An “exchange of notes” is the recording of a routine contract that had many similarities to the private law contract. The agreement consists of the exchange of two documents, each of the parties being in possession of the document signed by the representative of the other. According to the usual procedure, the State that bought the text of the offering State to register its responsibility. Signatories to the letters may be government ministers, diplomats or heads of departments. The note exchange technique is often used in a handful of thoughts, either because of its quick procedure or sometimes to avoid the legislative approval process. Article 102 of the Charter of the United Nations provides that “any treaty or international instrument concluded by a Member of the United Nations after the entry into force of the present Charter shall be registered with and published by the Secretariat as soon as possible”. Treaties or arrangements that are not registered may not be invoked before any organ of the United Nations. Registration promotes transparency and public accessibility of contractual texts. Article 102 of the Charter and its predecessor, Article 18 of the Covenant of the League of Nations, have their origin in one of Woodrow Wilson`s fourteen points, in which he outlined his idea of the League of Nations: “Open open peace alliances, according to which there would be no private international agreements of any kind, but diplomacy will always take place openly and in public.” Provisional application of a treaty that has entered into force may take place when a State undertakes to implement provisionally the obligations of the treaty, while its national ratification/accession procedures have not yet been completed. The State`s intention would be to ratify or maintain the treaty once its national legal requirements have been met. Provisional application may be stopped at any time.
On the other hand, a State which has agreed to be bound by a treaty by ratification/accession or by final signature is subject to the rules of withdrawal provided for in the treaty in question (art. 54, 56, Vienna Convention on the Law of Treaties of 1969). The term “modification” refers to the formal modification of the contractual provisions that concern all parties to the agreement concerned. These amendments must be made with the same formalities as those made when the contract was initially constituted. Many multilateral treaties set out specific requirements for the adoption of amendments. In the absence of such provisions, the amendments must be agreed to by all parties. After the conclusion of a contract, written documents containing formal proof of consent to the undertaking as well as reservations and declarations shall be placed in the custody of a depositary. Except as otherwise provided in the Treaty, the deposit of instruments of ratification, acceptance, approval or accession shall justify the consent of a State to be bound by the Treaty. For contracts concluded with a small number of parties, the depositary is usually the Government of the State in whose territory the contract was signed. Sometimes different States are chosen as custodians. Multilateral treaties generally designate an international organization or the Secretary-General of the United Nations as depositaries.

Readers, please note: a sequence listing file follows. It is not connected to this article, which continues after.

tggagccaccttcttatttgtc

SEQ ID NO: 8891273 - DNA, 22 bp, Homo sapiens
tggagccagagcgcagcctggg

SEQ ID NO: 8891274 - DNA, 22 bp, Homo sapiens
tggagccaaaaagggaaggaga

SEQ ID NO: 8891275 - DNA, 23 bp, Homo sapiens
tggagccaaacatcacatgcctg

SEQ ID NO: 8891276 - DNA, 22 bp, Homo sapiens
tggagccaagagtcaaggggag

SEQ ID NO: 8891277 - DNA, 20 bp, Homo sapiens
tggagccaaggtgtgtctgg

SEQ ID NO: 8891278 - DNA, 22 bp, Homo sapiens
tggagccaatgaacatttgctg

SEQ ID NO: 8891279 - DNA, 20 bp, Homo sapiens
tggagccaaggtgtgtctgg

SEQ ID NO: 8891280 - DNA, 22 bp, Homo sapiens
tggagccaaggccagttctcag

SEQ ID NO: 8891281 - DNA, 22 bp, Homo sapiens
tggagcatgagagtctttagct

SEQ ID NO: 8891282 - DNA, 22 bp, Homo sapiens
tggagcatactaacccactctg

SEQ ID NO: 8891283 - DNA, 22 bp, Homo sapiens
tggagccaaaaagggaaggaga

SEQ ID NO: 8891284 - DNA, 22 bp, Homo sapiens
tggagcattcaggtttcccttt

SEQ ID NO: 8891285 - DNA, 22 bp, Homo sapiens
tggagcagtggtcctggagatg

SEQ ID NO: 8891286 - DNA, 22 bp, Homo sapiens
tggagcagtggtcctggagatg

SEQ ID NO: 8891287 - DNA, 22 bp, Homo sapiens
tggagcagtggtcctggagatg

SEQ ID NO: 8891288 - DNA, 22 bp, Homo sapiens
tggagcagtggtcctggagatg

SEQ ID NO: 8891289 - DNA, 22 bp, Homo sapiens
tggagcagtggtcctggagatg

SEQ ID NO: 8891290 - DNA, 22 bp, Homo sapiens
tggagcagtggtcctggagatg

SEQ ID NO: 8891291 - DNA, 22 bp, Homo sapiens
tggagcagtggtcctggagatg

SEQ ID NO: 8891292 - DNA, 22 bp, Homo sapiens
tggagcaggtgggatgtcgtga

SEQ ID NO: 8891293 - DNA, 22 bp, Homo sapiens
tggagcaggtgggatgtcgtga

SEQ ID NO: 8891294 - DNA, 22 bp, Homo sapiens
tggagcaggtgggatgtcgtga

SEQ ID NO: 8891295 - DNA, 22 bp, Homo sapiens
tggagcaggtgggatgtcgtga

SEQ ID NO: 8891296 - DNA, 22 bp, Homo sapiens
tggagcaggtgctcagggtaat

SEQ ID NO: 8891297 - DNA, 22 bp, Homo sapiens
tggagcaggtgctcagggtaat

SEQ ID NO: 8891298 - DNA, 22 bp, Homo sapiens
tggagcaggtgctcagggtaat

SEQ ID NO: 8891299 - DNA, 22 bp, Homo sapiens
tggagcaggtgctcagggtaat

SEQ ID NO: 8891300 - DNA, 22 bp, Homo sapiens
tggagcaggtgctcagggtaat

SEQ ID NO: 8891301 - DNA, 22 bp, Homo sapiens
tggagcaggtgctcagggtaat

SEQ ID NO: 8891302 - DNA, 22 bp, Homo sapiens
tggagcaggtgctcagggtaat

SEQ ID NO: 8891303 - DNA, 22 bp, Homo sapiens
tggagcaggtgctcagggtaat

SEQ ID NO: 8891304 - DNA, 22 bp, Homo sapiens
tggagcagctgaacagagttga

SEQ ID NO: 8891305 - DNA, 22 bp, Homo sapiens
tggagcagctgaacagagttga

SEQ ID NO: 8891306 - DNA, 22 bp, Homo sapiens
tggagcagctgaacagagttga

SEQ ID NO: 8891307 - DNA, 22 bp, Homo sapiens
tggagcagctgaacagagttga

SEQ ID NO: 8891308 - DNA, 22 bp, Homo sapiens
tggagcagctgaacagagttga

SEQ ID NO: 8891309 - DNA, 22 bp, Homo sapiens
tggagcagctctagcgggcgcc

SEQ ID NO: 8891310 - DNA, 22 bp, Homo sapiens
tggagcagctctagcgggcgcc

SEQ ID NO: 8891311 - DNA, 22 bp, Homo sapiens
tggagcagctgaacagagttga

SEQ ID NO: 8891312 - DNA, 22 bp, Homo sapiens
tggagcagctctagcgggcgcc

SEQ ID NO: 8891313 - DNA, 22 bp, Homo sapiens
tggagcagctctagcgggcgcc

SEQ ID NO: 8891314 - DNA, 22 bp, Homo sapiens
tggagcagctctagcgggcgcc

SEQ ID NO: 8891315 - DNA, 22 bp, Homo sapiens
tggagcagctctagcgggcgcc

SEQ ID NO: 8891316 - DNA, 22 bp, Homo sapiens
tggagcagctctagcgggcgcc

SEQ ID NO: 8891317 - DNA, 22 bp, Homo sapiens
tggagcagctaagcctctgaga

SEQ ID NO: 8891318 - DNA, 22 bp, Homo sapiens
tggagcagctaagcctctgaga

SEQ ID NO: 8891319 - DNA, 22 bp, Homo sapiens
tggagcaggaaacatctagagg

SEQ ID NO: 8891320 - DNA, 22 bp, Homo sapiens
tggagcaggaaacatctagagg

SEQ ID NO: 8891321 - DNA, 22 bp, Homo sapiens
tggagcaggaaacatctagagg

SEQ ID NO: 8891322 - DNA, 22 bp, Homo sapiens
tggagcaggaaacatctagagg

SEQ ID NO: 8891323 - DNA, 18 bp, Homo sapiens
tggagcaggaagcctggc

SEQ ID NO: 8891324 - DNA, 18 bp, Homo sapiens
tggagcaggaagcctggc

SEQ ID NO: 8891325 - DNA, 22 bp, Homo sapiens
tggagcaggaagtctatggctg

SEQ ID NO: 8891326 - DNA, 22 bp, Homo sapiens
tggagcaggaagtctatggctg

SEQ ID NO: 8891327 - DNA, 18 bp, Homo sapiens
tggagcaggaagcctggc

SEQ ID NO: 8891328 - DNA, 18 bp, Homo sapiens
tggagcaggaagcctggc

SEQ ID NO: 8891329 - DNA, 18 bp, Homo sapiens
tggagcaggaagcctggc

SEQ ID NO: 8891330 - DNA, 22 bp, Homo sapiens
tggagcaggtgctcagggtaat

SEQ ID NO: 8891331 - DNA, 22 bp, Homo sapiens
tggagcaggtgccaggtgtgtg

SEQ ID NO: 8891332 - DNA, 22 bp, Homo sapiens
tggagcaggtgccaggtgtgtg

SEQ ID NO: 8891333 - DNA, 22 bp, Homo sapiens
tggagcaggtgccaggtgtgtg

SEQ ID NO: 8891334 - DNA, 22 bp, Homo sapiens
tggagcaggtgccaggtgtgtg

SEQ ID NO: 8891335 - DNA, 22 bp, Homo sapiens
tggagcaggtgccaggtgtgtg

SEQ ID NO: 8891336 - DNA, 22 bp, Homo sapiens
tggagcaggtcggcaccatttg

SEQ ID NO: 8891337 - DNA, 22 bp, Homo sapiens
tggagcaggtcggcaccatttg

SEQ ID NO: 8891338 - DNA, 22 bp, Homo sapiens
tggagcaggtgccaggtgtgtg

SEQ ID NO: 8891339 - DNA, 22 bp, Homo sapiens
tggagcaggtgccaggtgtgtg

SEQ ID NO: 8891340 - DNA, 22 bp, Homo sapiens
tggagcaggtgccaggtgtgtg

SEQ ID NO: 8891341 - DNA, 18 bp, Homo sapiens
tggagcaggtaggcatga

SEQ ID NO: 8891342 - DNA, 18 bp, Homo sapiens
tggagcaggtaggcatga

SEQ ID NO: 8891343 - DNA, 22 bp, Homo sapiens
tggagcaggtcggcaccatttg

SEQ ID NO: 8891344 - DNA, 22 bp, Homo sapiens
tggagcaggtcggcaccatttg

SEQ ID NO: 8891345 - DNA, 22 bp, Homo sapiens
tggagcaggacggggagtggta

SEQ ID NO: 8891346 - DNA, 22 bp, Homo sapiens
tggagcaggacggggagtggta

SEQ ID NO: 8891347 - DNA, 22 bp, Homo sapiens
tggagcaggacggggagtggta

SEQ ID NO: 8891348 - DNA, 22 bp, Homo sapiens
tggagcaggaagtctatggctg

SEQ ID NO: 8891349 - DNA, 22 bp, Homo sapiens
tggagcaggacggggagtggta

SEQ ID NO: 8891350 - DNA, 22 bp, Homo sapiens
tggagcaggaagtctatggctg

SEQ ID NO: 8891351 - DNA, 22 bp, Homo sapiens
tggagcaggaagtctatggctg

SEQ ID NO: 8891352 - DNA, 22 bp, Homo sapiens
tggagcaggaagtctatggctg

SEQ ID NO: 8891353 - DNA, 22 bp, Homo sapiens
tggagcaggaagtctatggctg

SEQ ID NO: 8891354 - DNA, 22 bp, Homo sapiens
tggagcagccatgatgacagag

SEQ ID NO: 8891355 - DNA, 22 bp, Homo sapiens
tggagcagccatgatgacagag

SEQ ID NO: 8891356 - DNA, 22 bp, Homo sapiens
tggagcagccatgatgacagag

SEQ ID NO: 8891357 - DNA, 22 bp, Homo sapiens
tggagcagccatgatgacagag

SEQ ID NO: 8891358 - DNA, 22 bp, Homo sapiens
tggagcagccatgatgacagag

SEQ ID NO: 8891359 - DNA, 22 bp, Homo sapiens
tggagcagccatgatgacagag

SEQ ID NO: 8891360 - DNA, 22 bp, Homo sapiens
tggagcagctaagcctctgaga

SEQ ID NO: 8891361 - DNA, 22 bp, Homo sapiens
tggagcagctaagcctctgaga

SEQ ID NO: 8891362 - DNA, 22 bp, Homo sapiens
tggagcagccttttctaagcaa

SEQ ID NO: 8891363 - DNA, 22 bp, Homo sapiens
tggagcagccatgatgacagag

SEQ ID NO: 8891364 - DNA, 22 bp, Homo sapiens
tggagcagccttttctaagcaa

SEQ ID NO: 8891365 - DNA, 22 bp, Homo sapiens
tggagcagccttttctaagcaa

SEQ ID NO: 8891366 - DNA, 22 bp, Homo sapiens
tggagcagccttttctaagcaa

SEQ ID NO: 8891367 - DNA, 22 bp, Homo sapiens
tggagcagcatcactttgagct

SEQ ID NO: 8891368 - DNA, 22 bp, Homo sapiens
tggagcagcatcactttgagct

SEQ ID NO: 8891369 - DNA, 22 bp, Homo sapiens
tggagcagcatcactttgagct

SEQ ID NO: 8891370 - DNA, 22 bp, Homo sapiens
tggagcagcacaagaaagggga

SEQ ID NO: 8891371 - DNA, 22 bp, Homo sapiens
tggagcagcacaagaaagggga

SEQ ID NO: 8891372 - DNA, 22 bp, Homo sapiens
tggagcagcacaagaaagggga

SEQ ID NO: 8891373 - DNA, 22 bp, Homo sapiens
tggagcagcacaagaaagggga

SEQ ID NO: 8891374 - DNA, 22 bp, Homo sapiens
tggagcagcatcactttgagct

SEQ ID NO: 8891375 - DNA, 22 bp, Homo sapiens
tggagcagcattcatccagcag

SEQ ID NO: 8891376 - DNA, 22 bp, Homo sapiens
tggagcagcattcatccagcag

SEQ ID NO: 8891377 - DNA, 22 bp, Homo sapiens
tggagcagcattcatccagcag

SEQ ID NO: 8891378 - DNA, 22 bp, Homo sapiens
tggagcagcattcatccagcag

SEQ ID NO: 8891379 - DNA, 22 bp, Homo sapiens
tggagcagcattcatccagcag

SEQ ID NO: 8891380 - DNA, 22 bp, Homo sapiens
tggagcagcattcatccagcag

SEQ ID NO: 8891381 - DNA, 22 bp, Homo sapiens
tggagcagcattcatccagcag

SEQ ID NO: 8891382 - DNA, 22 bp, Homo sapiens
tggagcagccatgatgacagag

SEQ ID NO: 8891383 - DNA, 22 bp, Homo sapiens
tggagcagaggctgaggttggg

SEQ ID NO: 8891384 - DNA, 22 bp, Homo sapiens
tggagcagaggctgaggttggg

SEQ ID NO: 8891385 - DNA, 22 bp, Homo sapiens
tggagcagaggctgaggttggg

The depositary must accept all notifications and documents relating to the treaty, verify that all formal requirements are met, file them, register the contract and notify the parties concerned of all relevant acts. . . .